Spring is all about movement: springing forward, and springing up; new life and new beginnings; moving on; growth; and freshness. Even its synonyms are mobile: bounce, hop, bound.
It’s ironic, then, that this year’s spring is defined by stillness.
We are being told to stay put, while the season blooms around us. Despite the lighter days and flowering trees, time seemingly stands at a halt, each day blending into the next. Many of us who aren’t key workers stay immobile on the sofa; others make a bid for an hour of government-sanctioned freedom, once a day, but all within set boundaries.
There’s no going anywhere. In order for our situation itself to move on and change for the better, we need to remain somewhat inactive.
For those of us who are ordinarily continually striving to improve ourselves and develop as people, staying still has other implications. How are we meant to become better people if we do not have the space to breathe, learn and flourish?
Much like the many unfortunate houseplants I manage to kill on a regular basis, we need plenty of space for our roots to expand in order to remain healthy, self-assured, well-rounded people. Restricted room – whether that’s literal, in the form of a tiny, garden-less studio flat, or in the guise of separation from the offices, studios and stages we use to learn and create – limits us, both physically and mentally.
How can we think outside the box when we’ve forgotten what outside the box looks and feels like?
Someone brilliant on Twitter (for there are those with bright ideas among the trolls, Trump supporters and fountains of negativity – you just have to look for them) shared the concept with me that this is ‘not a writer’s retreat’ – a sentiment I remind myself of during my daily bouts of writer’s block or unproductive guilt. This is not really the ideal environment to be creating your best work.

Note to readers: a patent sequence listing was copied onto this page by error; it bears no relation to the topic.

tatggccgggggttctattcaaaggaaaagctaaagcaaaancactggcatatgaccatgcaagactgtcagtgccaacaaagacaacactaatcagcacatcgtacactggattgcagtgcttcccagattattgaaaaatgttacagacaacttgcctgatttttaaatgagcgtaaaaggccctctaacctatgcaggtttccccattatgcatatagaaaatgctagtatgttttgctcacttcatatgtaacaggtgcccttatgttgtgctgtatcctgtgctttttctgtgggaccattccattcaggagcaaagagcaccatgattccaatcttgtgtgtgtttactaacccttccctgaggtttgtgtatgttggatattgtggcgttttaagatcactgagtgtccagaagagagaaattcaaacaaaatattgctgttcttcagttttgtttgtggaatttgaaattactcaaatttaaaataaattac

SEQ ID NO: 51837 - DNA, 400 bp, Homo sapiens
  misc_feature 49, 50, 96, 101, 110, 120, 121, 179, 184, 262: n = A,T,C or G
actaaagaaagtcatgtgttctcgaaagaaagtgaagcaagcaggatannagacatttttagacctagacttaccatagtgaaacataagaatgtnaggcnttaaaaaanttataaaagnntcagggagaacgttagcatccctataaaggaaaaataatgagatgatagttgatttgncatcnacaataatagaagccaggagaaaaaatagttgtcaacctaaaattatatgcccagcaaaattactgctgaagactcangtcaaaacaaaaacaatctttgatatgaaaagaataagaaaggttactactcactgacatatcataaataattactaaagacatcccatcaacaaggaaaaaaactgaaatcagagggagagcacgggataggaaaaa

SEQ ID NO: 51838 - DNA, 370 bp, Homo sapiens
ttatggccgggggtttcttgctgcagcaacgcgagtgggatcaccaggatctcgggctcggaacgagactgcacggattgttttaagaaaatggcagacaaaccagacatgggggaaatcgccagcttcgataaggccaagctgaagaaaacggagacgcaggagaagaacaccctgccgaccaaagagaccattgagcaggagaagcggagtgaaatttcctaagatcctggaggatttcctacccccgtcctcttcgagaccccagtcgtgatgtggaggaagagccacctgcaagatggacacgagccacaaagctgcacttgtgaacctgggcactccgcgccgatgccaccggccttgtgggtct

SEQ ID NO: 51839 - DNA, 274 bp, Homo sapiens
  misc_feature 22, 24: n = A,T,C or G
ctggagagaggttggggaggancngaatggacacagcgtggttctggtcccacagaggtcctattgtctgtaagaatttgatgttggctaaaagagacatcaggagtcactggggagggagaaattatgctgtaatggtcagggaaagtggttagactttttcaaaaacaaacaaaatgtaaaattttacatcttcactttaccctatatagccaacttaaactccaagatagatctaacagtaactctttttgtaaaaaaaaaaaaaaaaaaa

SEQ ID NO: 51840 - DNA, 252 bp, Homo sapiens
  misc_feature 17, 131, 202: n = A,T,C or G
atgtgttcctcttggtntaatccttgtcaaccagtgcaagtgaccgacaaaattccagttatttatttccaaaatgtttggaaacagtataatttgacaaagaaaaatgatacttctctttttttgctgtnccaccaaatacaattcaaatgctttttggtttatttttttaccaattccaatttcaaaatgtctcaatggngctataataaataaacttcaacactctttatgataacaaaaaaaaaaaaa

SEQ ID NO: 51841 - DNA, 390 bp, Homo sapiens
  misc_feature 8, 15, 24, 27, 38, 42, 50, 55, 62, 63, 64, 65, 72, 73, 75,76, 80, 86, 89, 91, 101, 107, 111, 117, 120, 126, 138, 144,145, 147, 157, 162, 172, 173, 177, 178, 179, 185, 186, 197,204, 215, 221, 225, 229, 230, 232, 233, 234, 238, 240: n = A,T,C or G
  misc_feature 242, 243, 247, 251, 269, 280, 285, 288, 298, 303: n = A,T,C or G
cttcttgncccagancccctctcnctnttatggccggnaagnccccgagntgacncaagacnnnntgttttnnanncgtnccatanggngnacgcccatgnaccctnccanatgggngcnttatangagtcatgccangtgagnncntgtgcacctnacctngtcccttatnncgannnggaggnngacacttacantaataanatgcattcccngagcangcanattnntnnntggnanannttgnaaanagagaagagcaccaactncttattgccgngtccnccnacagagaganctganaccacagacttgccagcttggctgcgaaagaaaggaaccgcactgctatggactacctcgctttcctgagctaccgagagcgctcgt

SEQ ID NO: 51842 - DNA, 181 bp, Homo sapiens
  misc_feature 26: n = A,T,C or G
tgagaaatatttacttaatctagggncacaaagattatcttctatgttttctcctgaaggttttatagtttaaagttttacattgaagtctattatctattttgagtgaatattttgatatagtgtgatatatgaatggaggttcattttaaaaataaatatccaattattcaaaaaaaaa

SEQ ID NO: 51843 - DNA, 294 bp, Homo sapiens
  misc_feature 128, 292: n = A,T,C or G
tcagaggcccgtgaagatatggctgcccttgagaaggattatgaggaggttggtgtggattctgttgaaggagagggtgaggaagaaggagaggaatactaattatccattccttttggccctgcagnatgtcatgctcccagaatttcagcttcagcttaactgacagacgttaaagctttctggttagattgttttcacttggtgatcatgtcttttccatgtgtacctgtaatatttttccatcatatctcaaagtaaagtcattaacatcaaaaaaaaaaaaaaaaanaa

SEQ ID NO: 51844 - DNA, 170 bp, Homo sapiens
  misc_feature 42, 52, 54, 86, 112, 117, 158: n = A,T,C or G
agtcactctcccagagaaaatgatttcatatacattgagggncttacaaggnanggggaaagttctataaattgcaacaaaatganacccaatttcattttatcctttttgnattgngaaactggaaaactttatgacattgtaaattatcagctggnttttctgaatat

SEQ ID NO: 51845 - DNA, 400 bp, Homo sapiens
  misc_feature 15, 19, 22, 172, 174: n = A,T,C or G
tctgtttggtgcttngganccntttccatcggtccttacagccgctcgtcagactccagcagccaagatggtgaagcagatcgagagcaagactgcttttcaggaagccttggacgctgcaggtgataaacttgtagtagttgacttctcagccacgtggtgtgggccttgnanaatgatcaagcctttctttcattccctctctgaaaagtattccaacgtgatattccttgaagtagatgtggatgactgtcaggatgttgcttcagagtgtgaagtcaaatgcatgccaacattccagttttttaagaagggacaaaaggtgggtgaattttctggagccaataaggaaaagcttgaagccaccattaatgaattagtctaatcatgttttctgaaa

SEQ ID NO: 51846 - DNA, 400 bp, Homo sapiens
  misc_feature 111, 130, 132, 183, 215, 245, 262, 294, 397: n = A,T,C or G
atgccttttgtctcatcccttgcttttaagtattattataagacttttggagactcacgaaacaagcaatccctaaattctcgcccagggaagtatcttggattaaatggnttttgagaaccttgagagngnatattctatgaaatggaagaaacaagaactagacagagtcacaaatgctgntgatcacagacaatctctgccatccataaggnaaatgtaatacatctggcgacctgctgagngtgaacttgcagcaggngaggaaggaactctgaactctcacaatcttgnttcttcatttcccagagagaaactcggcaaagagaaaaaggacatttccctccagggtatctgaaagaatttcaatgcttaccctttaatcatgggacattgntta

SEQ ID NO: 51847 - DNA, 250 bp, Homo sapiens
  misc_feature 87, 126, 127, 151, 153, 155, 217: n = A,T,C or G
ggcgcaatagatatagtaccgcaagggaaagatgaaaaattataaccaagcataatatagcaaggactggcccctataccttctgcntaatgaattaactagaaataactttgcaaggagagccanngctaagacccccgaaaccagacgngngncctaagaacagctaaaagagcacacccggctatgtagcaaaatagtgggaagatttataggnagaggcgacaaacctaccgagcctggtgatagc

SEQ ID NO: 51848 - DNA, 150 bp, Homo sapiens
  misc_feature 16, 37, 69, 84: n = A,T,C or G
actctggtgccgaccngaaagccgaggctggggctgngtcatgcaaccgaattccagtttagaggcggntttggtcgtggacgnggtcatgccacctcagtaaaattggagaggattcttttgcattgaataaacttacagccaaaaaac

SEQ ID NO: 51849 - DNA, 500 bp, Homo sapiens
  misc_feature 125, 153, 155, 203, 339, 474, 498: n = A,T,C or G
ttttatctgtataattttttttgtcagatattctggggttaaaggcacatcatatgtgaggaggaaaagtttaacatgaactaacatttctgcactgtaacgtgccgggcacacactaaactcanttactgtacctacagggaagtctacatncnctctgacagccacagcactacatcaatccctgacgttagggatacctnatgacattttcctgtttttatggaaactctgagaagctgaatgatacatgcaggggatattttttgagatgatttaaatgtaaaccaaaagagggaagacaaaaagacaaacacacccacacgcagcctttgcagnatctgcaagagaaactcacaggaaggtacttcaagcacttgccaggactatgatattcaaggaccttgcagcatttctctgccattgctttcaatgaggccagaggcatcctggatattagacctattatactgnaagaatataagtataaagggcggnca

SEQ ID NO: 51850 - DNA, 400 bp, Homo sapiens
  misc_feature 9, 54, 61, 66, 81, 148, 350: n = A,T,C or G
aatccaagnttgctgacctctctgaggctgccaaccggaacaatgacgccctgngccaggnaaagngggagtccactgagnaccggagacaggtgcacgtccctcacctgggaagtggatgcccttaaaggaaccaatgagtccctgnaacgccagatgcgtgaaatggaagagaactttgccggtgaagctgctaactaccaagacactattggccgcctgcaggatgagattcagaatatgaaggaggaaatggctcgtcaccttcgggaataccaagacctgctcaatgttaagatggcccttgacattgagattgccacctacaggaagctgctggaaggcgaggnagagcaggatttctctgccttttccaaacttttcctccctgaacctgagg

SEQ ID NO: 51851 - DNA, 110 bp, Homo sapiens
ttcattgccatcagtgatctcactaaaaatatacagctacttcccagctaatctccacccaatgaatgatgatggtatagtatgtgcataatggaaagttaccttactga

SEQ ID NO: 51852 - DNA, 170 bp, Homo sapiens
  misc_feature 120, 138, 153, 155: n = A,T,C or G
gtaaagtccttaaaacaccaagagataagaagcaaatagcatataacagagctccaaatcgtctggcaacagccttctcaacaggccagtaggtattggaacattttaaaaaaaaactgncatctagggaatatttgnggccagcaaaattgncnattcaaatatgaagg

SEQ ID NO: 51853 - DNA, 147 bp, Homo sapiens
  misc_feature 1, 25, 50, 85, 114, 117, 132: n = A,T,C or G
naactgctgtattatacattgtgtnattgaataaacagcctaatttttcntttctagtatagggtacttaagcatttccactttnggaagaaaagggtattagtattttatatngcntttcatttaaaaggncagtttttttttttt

Sure, you may have more time than ever in front of your laptop to put all the thoughts and ideas and stanzas you’ve ever thought of onto pixellated pages; but it’s hard to focus when Existential Dread and his mate, Anxiety, are rapping their unsanitised knuckles on your window.
This is the most number of words I have written in weeks – certainly since lockdown began. It’s not only hard to find the motivation and focus, but it’s also hard to find the words once you drag yourself to your desk.
I am finding it difficult to accept that my mind has not got the space to reach its full potential at the moment; my ideas, much like my physical freedom, are limited. On the days when I do feel I finally have something to add, my body is usually the one feeling the weight of the lockdown.
I am aware that there are already a lot of articles online giving you ‘permission’ to be unproductive right now, to counterbalance the others that encourage you to write your novel, paint your masterpiece, or makeover your garden. I know, then, my words are likely to be absorbed in the noise, but I wanted to speak up and offer some words of reassurance, if you’ll listen.
There is no right way to muddle through this; be as energetic or as lethargic as you like – and as your situation allows (since so many will be ‘homeschooling’, volunteering, caring or still working hard, and saving lives).
Take care of your mental health, whether that looks like a daily run, a daily writing goal, a daily vlog, or just a daily call with someone you love. If being super productive helps you through, do it, and feel proud; but the same thing goes for just getting through each hour and each day.
You are learning to adapt to a very new and very scary situation, and you are acclimatising to your new environment. It’s exhausting, and confusing, but that’s because you are developing – it just may not be in the way you expected when you made your 2020 resolutions.
Stay safe, and stay inside; these are the only two things you ‘need’ on your checklist today.
Growth looks very different this spring; but remember you’re always moving forward, even if it feels like you’re staying completely still.